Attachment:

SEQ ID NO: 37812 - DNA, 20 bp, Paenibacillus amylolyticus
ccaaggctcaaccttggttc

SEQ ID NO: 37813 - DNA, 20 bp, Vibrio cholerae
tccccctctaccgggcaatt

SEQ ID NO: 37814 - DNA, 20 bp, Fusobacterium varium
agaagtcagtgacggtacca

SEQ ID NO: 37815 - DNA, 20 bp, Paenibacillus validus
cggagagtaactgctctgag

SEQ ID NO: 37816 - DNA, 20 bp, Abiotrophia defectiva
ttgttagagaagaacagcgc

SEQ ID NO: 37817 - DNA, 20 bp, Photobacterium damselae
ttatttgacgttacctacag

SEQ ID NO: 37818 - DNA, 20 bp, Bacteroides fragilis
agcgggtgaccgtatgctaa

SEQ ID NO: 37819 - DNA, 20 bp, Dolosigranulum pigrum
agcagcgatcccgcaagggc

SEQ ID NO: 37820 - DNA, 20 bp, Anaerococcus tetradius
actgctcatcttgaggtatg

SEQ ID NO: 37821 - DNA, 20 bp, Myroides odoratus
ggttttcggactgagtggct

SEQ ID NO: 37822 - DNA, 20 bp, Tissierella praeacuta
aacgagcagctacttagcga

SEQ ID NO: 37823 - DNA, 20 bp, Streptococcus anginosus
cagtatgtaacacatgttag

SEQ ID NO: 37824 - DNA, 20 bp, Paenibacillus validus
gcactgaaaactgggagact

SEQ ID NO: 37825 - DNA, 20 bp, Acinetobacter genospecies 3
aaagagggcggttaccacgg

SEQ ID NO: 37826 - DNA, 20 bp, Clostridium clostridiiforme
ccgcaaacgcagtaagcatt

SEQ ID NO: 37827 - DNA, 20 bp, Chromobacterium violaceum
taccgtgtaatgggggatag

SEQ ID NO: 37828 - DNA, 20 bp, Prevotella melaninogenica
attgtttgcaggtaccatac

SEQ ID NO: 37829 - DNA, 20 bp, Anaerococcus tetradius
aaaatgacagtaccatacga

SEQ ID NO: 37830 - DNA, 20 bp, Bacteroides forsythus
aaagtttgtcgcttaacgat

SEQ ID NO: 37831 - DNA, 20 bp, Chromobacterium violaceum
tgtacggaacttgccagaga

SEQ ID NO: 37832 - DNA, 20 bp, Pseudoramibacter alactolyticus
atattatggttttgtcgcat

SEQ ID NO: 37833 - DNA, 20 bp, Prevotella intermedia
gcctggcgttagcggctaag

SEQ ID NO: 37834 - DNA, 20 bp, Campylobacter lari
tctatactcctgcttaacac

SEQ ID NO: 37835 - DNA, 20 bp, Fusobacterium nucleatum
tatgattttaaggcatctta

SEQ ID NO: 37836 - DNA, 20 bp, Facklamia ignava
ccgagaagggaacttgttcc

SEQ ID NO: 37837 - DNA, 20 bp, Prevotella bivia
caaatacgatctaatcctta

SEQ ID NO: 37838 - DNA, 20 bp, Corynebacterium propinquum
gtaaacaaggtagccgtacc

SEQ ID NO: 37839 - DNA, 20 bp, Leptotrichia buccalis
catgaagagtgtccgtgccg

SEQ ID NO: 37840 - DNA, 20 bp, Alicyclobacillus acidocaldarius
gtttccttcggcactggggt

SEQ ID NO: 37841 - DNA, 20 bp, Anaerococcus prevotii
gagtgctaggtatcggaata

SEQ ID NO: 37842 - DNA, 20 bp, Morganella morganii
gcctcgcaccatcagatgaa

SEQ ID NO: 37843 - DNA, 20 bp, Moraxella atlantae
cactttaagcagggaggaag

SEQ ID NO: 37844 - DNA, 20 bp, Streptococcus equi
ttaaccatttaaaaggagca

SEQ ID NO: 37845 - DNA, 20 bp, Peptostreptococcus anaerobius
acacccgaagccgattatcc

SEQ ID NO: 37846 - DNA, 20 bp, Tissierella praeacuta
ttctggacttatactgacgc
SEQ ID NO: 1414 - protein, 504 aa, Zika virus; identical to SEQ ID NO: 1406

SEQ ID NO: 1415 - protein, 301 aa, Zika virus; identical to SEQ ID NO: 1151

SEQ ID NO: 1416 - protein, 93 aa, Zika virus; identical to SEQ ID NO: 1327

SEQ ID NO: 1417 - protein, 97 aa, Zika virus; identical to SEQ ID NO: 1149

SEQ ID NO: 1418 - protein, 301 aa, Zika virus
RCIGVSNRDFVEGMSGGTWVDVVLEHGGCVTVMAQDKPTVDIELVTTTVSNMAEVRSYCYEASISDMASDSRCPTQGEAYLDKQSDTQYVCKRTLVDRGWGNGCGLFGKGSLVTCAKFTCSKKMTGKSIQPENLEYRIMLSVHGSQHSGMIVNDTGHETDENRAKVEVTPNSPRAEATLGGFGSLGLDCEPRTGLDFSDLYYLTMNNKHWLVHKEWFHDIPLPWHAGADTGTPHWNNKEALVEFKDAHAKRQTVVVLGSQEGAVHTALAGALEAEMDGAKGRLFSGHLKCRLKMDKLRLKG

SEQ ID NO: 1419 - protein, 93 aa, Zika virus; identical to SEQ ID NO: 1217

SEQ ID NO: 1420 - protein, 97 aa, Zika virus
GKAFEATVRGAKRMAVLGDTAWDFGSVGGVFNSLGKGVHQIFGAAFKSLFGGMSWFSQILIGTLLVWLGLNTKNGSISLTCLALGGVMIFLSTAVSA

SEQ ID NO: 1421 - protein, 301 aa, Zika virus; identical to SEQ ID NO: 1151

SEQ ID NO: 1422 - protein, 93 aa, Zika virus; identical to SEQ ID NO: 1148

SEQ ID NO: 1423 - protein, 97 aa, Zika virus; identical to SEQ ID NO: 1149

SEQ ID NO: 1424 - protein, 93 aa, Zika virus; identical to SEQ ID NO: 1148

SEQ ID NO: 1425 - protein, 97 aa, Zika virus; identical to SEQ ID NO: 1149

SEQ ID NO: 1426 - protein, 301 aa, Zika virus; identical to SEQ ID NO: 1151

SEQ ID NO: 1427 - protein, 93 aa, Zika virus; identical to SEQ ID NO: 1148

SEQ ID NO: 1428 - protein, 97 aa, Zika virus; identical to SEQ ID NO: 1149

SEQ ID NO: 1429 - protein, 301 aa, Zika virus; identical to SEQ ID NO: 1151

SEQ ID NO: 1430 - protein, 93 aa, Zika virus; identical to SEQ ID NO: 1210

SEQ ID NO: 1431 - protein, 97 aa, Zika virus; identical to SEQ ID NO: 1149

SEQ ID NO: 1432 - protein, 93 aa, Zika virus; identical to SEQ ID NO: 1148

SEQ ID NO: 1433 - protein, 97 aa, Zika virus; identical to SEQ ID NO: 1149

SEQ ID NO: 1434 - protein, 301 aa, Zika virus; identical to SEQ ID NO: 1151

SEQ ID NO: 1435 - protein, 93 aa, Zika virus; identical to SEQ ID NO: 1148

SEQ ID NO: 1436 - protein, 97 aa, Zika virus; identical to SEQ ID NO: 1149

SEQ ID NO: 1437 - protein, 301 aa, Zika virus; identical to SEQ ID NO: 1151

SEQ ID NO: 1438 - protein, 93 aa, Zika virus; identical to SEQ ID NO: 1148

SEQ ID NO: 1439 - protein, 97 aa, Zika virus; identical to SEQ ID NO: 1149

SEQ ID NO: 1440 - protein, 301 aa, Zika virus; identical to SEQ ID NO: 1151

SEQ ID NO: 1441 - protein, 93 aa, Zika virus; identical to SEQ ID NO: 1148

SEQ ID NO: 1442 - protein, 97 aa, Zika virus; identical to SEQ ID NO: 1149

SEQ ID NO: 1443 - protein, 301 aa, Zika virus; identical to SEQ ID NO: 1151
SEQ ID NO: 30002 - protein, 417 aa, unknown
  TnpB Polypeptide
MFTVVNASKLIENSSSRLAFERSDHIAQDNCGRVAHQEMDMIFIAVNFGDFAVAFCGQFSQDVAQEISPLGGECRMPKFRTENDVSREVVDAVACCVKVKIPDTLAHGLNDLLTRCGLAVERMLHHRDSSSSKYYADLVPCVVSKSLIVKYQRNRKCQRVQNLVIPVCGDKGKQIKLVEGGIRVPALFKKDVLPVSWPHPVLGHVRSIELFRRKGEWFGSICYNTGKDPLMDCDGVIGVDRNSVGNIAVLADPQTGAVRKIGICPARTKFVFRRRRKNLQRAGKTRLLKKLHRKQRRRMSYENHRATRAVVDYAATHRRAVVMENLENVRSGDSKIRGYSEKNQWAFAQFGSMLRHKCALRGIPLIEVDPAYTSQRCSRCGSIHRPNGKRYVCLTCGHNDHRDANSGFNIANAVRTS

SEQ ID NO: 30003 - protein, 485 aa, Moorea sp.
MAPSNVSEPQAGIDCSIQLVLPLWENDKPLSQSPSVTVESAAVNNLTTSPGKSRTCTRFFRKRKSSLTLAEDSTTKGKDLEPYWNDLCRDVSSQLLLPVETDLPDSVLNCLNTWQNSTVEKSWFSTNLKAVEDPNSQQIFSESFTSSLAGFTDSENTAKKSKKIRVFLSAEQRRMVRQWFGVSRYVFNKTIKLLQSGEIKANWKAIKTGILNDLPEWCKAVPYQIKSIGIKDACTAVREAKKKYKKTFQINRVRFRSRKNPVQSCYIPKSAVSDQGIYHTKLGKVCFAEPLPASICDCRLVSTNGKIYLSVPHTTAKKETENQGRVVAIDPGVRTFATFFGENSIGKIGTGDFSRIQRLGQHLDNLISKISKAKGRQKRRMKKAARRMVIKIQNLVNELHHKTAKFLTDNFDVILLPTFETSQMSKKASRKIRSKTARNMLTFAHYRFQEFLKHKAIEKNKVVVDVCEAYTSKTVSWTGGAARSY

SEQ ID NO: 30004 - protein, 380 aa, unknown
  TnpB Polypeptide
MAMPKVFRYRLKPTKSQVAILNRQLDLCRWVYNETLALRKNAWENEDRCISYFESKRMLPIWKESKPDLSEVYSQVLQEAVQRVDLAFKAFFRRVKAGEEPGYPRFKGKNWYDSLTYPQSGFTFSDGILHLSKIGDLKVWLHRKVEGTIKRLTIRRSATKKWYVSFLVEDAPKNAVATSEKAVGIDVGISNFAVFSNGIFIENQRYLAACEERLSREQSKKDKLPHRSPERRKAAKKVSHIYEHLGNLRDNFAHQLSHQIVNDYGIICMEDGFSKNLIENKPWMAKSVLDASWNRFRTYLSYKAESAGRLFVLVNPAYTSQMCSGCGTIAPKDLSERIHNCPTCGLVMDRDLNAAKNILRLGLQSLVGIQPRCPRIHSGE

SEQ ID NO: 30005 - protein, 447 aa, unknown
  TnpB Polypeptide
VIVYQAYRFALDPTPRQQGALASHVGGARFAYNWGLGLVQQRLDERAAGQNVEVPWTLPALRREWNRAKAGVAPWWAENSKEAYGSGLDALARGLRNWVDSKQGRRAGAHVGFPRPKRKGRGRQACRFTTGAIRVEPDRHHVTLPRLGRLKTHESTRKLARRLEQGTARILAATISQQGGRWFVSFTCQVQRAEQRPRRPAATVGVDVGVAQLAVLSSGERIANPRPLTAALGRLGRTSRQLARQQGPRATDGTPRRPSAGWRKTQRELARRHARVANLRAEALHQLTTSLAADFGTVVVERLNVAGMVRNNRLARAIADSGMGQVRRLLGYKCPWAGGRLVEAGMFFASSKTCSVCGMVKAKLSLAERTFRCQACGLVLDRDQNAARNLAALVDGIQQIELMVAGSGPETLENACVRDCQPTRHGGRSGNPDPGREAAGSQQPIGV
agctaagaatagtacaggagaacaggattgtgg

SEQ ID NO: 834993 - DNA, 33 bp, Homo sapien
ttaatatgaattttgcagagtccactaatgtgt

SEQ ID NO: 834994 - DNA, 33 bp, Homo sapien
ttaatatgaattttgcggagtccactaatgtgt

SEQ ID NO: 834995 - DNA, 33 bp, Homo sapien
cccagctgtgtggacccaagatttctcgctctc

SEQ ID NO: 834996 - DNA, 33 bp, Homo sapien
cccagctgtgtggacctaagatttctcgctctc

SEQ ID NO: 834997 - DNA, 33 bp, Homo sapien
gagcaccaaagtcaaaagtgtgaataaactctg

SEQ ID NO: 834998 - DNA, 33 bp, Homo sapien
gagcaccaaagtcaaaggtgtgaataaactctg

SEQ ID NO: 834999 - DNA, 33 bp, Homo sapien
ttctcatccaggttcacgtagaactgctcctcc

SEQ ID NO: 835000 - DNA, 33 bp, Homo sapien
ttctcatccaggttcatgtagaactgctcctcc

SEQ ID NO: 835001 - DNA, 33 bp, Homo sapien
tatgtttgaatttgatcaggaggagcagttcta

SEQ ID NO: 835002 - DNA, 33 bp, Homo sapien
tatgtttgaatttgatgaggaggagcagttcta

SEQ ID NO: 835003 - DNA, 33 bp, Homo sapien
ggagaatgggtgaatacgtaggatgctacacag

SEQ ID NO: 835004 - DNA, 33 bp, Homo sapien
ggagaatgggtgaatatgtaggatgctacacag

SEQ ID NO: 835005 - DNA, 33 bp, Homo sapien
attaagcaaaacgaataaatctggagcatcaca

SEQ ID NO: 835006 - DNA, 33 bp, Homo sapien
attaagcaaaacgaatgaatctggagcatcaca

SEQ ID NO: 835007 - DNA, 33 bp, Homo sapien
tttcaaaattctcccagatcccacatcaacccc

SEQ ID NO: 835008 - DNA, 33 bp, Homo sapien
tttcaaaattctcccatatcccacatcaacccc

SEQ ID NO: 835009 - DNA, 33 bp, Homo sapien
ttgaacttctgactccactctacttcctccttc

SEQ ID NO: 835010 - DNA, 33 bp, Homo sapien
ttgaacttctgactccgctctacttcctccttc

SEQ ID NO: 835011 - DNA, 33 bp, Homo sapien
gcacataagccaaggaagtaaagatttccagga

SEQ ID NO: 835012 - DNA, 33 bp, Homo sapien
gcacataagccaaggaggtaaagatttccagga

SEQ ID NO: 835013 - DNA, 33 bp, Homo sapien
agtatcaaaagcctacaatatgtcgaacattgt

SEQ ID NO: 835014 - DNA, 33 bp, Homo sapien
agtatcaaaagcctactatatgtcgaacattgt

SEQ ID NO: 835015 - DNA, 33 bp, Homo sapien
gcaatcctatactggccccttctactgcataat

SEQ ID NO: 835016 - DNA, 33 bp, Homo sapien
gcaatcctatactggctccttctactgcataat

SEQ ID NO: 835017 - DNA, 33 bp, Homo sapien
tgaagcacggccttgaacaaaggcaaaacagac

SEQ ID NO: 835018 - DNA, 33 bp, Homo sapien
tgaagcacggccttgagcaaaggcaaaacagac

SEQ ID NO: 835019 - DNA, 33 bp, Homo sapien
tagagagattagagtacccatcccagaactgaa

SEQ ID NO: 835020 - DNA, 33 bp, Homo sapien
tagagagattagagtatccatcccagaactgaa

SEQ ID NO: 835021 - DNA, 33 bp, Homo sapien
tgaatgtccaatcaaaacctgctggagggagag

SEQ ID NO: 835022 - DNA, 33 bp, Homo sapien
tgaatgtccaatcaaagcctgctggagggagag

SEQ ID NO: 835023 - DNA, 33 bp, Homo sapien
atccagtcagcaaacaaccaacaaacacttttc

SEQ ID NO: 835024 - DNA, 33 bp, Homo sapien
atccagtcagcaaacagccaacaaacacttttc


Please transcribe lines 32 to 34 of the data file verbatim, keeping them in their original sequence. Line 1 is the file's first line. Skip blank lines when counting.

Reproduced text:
taccgtgtaatgggggatag

SEQ ID NO: 37828 - DNA, 20 bp, Prevotella melaninogenica
attgtttgcaggtaccatac